Right To Education: Denied


“So far the government could only provide fellowships to a few central university campuses,” says Ashwati Nair, former student of DU. “In large campuses like du, non-net fellowships are provided only to the top two of a batch. This decision is taken on the basis of the score that you get for your MPhil/PhD entrance exams.”

Other than the non-net fellowships, the UGC also has other financial grants such as the Junior/ Senior Research Fellowship (JRF/SRF) fellowships, the Maulana Azad National Fellowship (MANF) and the Rajiv Gandhi National Fellowship (RGNF). While JRFs and SRFs are provided to a select few students who score high on the National Eligibility Test, the MANF and RGNF are provided only to eligible students belonging to minority communities. Hinged on merit, these fellowships can be availed only by a small section of students.

Calling attention to this huge anomaly, Ayesha Kidwai, faculty at JNU wrote, “JRF picks out a very small sub-set of students to support for MPhil/PhD research – the figure of 6,400 fellowships in 2010-11 works out to research support for just 4.6 percent of the 137,668 students registered for research in the humanities, social sciences and sciences across India in that period. This is hardly the kind of research investment any country, especially a developing one like India, needs.”

According to a study titled Indian Student Mobility to Selected European Countries: An Overview, conducted by the Indian Institute of Management, Bangalore, the number of students going overseas to study showed a whopping rise of 256 percent from 2000 to 2009. While the study was ‘welcomed’ as a sign of ‘ development’, more grievous issues mentioned in it stand testimony to the country’s lackadaisical approach to education.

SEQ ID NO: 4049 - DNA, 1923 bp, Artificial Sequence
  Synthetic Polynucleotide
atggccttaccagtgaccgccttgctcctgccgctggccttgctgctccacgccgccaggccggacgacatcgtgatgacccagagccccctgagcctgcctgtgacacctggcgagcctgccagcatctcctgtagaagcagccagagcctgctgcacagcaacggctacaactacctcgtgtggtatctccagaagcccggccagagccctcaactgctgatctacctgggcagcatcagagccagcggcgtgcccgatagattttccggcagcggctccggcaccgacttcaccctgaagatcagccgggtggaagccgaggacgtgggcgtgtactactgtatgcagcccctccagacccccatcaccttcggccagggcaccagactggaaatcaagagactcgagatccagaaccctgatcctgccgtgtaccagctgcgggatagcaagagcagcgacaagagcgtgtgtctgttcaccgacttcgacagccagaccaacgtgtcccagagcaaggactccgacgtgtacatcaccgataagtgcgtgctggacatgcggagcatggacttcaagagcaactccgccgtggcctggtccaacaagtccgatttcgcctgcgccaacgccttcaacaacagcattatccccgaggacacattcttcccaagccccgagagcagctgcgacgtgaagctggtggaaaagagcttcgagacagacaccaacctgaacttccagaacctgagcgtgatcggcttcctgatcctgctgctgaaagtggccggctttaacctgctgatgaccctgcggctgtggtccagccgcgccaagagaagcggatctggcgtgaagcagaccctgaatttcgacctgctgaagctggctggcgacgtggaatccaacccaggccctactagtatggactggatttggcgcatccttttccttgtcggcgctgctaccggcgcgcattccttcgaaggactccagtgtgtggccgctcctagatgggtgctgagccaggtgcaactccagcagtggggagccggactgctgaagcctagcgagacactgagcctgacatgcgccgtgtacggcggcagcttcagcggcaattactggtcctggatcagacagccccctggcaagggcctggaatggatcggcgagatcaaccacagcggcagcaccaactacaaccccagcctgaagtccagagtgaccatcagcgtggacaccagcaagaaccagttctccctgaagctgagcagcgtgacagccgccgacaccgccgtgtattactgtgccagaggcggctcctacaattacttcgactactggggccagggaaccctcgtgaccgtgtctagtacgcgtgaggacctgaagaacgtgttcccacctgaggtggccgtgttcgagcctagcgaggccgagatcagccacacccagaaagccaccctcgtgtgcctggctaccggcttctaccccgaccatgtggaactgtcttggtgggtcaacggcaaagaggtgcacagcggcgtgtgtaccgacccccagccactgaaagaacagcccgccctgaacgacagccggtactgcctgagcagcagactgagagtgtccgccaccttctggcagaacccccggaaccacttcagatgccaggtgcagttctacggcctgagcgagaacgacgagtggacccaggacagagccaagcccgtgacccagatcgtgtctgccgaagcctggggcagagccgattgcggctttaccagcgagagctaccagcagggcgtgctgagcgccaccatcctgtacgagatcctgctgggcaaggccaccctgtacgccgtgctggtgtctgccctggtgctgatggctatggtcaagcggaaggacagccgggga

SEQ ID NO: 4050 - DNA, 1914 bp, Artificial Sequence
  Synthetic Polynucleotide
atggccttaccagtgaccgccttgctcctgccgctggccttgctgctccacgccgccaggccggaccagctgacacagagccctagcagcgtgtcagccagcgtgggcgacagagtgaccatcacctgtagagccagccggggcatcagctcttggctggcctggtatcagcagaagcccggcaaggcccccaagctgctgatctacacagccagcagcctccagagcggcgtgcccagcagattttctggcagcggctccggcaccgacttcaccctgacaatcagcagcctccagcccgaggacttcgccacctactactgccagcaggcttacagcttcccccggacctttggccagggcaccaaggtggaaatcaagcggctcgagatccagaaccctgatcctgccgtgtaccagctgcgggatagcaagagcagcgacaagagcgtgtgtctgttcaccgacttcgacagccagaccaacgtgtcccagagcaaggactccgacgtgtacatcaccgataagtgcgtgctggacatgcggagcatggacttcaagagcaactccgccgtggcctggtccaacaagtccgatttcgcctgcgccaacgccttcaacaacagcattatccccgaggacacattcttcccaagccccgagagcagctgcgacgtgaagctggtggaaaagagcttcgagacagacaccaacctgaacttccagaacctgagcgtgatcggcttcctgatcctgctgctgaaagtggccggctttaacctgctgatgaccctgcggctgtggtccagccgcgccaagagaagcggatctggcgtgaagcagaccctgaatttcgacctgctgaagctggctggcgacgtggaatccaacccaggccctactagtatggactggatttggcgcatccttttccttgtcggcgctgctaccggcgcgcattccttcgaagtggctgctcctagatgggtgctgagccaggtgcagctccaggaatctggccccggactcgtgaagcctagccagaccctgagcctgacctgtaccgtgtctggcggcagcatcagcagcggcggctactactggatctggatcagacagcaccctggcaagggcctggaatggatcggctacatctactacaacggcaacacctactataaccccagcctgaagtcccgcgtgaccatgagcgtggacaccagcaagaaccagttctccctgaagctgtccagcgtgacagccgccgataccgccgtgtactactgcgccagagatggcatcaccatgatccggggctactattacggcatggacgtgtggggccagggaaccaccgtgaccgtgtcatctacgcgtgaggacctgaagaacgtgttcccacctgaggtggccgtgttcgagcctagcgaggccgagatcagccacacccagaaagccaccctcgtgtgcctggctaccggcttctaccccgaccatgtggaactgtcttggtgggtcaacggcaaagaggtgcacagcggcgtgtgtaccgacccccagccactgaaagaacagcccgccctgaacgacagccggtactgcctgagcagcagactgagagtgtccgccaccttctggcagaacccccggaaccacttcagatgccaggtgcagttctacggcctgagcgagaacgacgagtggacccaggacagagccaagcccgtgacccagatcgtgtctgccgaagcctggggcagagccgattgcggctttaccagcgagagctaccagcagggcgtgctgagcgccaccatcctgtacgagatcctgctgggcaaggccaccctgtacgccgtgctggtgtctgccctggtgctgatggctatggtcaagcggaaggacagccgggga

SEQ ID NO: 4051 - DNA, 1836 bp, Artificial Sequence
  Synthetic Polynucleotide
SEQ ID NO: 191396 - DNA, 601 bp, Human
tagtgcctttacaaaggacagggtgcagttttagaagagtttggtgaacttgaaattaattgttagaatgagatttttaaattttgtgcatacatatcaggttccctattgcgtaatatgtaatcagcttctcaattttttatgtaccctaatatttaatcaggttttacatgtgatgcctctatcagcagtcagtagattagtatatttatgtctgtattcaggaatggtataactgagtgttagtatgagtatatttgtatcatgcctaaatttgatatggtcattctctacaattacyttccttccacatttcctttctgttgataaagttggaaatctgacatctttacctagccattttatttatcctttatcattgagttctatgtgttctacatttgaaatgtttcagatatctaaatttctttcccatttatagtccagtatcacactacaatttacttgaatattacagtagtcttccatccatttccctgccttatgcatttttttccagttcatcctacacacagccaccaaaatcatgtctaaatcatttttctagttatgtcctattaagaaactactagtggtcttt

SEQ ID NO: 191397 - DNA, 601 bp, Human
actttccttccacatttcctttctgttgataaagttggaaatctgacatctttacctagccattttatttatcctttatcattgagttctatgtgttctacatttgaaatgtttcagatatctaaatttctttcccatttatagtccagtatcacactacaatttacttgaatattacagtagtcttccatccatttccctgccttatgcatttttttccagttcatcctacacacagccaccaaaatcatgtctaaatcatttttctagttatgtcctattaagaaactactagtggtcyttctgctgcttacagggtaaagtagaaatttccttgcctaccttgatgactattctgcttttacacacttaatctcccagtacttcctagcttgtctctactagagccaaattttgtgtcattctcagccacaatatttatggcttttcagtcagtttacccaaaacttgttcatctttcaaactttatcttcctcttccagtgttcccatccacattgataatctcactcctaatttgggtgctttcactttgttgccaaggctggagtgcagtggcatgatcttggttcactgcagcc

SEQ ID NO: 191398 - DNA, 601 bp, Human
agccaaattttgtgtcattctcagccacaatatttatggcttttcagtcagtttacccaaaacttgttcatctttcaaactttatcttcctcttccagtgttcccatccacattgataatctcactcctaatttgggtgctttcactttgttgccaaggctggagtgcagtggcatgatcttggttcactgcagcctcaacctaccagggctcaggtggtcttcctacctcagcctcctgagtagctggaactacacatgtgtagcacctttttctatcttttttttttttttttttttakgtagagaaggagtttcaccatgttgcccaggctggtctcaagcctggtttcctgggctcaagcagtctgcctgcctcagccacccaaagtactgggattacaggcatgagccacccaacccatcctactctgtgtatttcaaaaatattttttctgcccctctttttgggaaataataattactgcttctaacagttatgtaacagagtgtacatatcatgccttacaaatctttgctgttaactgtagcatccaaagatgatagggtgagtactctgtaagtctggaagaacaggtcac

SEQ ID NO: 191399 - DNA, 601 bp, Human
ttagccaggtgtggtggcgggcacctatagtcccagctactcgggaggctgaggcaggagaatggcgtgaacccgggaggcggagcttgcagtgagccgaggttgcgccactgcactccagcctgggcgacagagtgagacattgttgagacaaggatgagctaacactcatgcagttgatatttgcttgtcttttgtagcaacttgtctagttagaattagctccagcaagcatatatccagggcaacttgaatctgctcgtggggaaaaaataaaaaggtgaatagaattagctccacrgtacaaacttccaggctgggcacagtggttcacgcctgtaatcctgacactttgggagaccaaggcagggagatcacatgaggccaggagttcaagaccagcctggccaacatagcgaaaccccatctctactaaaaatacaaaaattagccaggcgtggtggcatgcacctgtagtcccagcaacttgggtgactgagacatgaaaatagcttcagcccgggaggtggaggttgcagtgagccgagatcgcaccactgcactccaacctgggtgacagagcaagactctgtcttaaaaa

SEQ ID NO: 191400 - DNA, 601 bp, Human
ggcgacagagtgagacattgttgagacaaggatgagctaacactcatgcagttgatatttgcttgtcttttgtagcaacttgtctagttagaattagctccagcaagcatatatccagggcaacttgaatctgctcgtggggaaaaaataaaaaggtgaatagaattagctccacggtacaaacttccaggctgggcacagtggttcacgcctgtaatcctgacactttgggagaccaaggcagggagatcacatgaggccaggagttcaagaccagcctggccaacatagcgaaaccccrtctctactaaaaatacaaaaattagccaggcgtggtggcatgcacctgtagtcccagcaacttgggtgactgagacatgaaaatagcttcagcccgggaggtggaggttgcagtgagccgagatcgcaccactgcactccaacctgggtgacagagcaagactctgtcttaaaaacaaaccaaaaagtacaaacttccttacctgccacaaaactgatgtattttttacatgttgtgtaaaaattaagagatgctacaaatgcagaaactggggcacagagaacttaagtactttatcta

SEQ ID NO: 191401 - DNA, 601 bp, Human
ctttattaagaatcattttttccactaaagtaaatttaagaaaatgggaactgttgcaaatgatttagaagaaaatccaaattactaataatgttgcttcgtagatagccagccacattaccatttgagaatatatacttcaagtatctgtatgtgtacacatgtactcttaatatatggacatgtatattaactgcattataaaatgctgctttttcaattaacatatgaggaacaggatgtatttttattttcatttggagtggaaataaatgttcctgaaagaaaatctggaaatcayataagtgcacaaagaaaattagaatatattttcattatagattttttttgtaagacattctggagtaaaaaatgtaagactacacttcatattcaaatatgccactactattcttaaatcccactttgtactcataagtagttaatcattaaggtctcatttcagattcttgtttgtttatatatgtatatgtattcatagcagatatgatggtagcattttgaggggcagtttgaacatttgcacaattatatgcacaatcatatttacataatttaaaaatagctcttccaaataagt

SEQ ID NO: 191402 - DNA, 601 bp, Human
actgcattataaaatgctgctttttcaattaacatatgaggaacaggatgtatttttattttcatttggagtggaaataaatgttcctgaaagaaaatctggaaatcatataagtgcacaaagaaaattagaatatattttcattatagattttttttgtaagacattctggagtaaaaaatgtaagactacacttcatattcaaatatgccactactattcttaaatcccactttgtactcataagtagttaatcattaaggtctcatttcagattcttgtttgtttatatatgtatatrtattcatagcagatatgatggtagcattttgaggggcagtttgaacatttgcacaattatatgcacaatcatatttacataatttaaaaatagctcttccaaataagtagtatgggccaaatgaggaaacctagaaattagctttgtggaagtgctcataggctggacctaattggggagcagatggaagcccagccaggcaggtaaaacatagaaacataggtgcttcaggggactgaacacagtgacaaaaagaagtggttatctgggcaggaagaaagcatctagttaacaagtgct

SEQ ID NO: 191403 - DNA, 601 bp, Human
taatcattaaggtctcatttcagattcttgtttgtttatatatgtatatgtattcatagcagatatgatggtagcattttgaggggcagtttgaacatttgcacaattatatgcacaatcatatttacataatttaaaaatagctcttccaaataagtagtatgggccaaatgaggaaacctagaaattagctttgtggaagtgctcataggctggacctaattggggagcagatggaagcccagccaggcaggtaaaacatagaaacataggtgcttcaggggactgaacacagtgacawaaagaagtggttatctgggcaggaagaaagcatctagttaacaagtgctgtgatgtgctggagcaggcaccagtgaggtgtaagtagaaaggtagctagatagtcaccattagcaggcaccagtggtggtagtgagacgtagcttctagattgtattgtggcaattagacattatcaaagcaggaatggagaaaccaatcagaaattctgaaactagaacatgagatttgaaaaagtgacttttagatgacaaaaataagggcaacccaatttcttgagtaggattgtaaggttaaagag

One, Indian students opt for universities abroad for cheap education because of the abundance of scholarships. Two, various universities abroad offer better faculty and infrastructure. Three, when students study abroad riding on education loans, there is virtually no waiver on the debts incurred.

In a country nowhere close to providing primary education to all, those who make it to university need to be supported, not spurned. This includes providing fellowships to all students pursuing research and ensuring that it covers basic needs of a student, waivers in student fees and loans and free or cheap accommodation.

“Not only did the money barely cover our expenses, it was only given to us under conditions,” says a research scholar at eflu, Hyderabad. “Even when they gave fellowships, the universities and professors made us run around filling up forms for a period of 10 days at times. A tiff with your supervisor, who has the power to sign or not sign on your scholarship form, can make life hell for a student. My supervisor did that to me. Imagine denying your right to your fellowship and making you feel like you are begging for survival.”

It is in such dire conditions that the ugc along with the mhrd have come with the proposal of doing away with the fellowships altogether.

“I survive on the grant I get from UGC. My parents wouldn’t have let me pursue studies if they were forced to pay for my expenses,” says Deepika, a research scholar at JNU. “By scrapping this, the UGC is going to do away with all those who cannot afford education. That means it will directly affect the marginalised, the poor and even the women who defied their parents to seek education.”

Meanwhile, at the protest venue, the students are resilient. As they sit and sing songs cheerfully, the Rapid Action Force (RAF) and Delhi Police gather around them. While some of them watch the students keenly, others mock the attire and mannerisms of a few of the students in the crowd. “We had a tiff with them last night when they tried to film videos of the women protesters. Some of them openly gawk at the women. It is disturbing,” says a protestor.

Only days before, the students were lathicharged and herded into vans to be transported to the Kamla Market police station. According to witnesses at the spot, more than a hundred policemen allegedly chased and beaten up several students while they were protesting peacefully against the ugc.

As one of the students who were beaten up at the protest makes her way into the crowd with a heavily bandaged head, the students begin raising slogans. “Ladenge…Jeetenge..” (We shall fight, we shall win.)



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